Weekend Briefing No. 332

Welcome to the weekend.

I hope you’re having a great weekend. I’m taking the evening off tonight, so there will be no Bourbon & Briefing. I’ll miss you guys, but we’ll be back at it next Saturday.

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Prime Numbers

30,000,000,000,000 – Government deficits worldwide could reach $9 trillion to $11 trillion in 2020, and a cumulative total of as much as $30 trillion by 2023.

25,000,000 – This week 21 years ago, a little known company called Google closed their first $25,000,000 round of financing.

100,000,000 – This week that very same company, Google, announced that it is committing $100,000,000 in funding participation in Black-led capital firms, startups and organizations supporting Black entrepreneurs, including increased investments in Plexo Capital and non-dilutive funding to Black founders in the Google for Startups network.

Token Black Friend

Ramesh A. Nagarajah wrote a piece on his life experiences, which highlight how subtle and insidious cultural racism is. I am a token black friend. The black one in the group of white people. My family’s immersion in the white community, our success in school and now in the workforce, and the fact that we grew up in a middle-class black household (highly uncommon in Boston) led us to believe we had somehow transcended the plight of the black man. Yet, what scared me so much as we watched the videos of Ahmaud Arbery and George Floyd is that we clearly had not. In both cases, it could have been us. There is no escape. There is no level of success that will spare you. We are black men, and that is all that matters to some. I think of the way the black girls were treated as second rate in high school. Guys rarely tried to talk to them romantically, and if they did, others discussed it with an undertone of comedy. I never felt this way, personally, but didn’t realize until college that my silence was compliance. I was participating in denying dignity to the black women around me. Then there are the instances most white people will recognize, though they probably never knew how damaging their words were. Every token black friend can recall the times when a white friend chooses to dub you “the whitest black kid I know.” It’s based on the way I speak or dress or the things I’m into, and it’s a comment on me not fitting the image they have of a black person. When I resist accepting such a title, the white person claims it’s a compliment—as if the inherent superiority of whiteness should leave me honored to be counted among their ranks. More impactfully, it suggests that my blackness is something that can be taken from me. That my identity as a black man fades because I am into John Mayer or I’ve visited the Hamptons. And further, it assumes that my black identity is not something I am proud of. It ignores the fact that the acculturation and assimilation I experienced growing up with all white friends was not voluntary. It suggests that my blackness is a burden, when in fact, minimizing my blackness was most often my burden. Another example: I am criticized by my white friends for code-switching when I am with my black friends, just because they don’t understand the slang and how it connects black people to a common culture. The length of my journey makes me inclined to be more patient with others in this process, as it’s taken me this much time to wake up. We should all be reasonably patient with one another, but I would encourage individuals to not be patient with themselves and to treat these issues with the urgency they deserve. The anger on display over the past week should exhibit the need for change. Human Parts (16 minutes)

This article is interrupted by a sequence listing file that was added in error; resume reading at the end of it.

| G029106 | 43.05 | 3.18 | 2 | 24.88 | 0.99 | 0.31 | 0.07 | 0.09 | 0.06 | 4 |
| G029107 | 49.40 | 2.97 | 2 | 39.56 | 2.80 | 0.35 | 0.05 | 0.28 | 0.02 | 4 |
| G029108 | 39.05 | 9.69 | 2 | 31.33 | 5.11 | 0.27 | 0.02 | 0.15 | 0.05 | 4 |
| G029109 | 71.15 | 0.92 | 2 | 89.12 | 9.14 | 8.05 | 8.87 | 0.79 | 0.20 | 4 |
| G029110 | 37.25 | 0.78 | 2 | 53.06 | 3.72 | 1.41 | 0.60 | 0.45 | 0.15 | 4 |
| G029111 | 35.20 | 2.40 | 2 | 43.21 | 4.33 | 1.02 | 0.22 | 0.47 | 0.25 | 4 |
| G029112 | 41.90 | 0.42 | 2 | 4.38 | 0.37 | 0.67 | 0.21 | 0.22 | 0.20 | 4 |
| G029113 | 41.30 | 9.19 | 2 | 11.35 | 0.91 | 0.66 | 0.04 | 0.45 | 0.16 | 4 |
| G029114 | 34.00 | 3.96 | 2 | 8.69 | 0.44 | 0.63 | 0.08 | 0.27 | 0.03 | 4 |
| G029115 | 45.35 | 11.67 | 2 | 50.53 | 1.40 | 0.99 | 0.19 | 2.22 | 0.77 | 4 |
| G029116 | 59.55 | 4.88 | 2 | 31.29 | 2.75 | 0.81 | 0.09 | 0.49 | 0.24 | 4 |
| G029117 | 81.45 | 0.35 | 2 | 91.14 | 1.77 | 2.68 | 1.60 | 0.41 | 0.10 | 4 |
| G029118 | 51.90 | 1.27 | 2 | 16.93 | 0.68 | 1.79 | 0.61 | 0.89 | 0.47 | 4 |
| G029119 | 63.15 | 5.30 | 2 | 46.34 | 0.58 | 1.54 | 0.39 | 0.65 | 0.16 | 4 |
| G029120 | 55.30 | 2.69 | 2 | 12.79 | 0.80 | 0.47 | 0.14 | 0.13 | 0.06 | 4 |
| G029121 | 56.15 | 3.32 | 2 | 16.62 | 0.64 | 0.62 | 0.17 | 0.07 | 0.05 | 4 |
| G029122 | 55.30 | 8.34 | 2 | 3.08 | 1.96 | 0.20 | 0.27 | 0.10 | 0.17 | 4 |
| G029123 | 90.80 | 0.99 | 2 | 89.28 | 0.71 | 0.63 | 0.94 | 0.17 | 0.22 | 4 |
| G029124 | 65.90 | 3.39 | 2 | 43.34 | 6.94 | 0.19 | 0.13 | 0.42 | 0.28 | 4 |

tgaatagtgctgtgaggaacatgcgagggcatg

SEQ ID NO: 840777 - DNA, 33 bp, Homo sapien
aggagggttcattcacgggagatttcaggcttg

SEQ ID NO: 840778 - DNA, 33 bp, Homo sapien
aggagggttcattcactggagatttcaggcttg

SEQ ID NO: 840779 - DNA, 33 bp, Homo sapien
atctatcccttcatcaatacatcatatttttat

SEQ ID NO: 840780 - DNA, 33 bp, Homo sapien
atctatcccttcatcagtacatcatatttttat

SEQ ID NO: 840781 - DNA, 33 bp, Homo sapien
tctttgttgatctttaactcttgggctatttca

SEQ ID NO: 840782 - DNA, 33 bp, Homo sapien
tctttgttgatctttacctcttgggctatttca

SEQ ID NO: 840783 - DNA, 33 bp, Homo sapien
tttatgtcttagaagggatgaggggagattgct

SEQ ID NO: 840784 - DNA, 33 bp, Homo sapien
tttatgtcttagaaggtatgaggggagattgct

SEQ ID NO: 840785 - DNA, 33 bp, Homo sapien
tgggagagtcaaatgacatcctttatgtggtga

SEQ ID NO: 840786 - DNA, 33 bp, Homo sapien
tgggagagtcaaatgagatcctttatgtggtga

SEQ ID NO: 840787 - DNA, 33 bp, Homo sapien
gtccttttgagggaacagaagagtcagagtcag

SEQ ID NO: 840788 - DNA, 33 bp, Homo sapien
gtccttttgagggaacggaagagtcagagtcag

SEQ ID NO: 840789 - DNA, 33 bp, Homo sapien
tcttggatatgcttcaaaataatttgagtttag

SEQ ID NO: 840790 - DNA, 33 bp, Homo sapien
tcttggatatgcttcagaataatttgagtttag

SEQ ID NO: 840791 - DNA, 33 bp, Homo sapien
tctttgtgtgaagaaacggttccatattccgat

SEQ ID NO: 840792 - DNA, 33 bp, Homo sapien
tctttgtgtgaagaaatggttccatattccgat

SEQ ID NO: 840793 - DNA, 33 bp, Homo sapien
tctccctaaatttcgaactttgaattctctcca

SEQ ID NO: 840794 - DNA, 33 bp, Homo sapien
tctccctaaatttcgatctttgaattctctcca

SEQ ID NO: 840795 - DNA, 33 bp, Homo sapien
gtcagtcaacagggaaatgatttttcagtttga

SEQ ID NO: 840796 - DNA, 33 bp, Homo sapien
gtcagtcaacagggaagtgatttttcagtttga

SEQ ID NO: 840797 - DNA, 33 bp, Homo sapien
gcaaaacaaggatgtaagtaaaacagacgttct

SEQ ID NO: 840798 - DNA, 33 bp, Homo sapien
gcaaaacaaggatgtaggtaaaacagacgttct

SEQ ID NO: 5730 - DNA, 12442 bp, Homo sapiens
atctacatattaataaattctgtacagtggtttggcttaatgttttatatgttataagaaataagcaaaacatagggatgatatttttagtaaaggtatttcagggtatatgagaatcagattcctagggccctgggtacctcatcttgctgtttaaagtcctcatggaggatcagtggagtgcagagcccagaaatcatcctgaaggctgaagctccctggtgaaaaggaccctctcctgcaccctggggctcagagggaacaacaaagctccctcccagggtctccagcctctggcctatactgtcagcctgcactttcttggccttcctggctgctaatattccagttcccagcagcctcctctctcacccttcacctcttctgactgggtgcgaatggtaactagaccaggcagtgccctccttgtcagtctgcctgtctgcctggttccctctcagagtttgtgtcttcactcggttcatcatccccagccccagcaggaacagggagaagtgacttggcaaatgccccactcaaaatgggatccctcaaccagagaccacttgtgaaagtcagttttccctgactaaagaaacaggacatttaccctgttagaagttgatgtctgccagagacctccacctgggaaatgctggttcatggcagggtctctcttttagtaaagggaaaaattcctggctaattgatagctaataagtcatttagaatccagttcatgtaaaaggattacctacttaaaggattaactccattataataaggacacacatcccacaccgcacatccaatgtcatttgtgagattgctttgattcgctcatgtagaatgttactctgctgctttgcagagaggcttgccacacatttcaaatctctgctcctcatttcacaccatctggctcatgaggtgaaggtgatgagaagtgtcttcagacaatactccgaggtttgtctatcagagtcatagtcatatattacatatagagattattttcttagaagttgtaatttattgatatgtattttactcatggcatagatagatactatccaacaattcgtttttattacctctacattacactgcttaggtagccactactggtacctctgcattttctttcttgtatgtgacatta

Black While Startup

Black entrepreneurs say they are encouraged by the movement but deeply skeptical that the industry will change. Interviews with 20 Black tech leaders depict a position of power that can sometimes feel powerless. Repeated assumptions that they’re not in charge of their own companies, a common experience among Black chief executive officers, can instill a lingering sense of self-doubt. They describe a career of subtle slights or outright discrimination in which they face regular inquisition about their credentials and peculiar suggestions to hire a White business partner to make investors more comfortable. One says he carries around a notebook emblazoned with the logo of his alma mater, Stanford University, to fit in. Bloomberg (7 minutes)


It’s no secret that I’m a fan of Indie.vc. In fact, they are one of the only investment firms I’d consider working for. (Bryce, shoot me an email if you’re reading.) Here’s why. Too many founders tried to shoehorn themselves into looking like a billion-dollar company to get funding, and too many promising companies either didn’t start or don’t get funded because they didn’t fit that criteria—not to mention the thousands of businesses started by women and minorities who have been largely ignored by a VC industry dominated by white men. Bryce Roberts, Indie.vc founder, believed there was room for another funding model that backed “real businesses.” Some VCs derided Indie.vc as an investment firm for “b team” companies that can’t scale big enough or fast enough to get real VC money or somehow have a “lower bar” for investments. But the model is now proving prescient. Over five years, Indie.vc has backed 34 companies—half of which are women-led companies and 20 percent are Black. And while there haven’t been any big exits yet, the companies that receive Indie.vc funding seem to be much more robust than their peers, especially in a challenging economic climate. On average, they’re growing 100 percent in the first year and 300 percent the second year, says Roberts. Plus, the fund’s mortality rate is 10 percent— compared to about 44 percent with traditional VC-backed companies. Marker (9 minutes)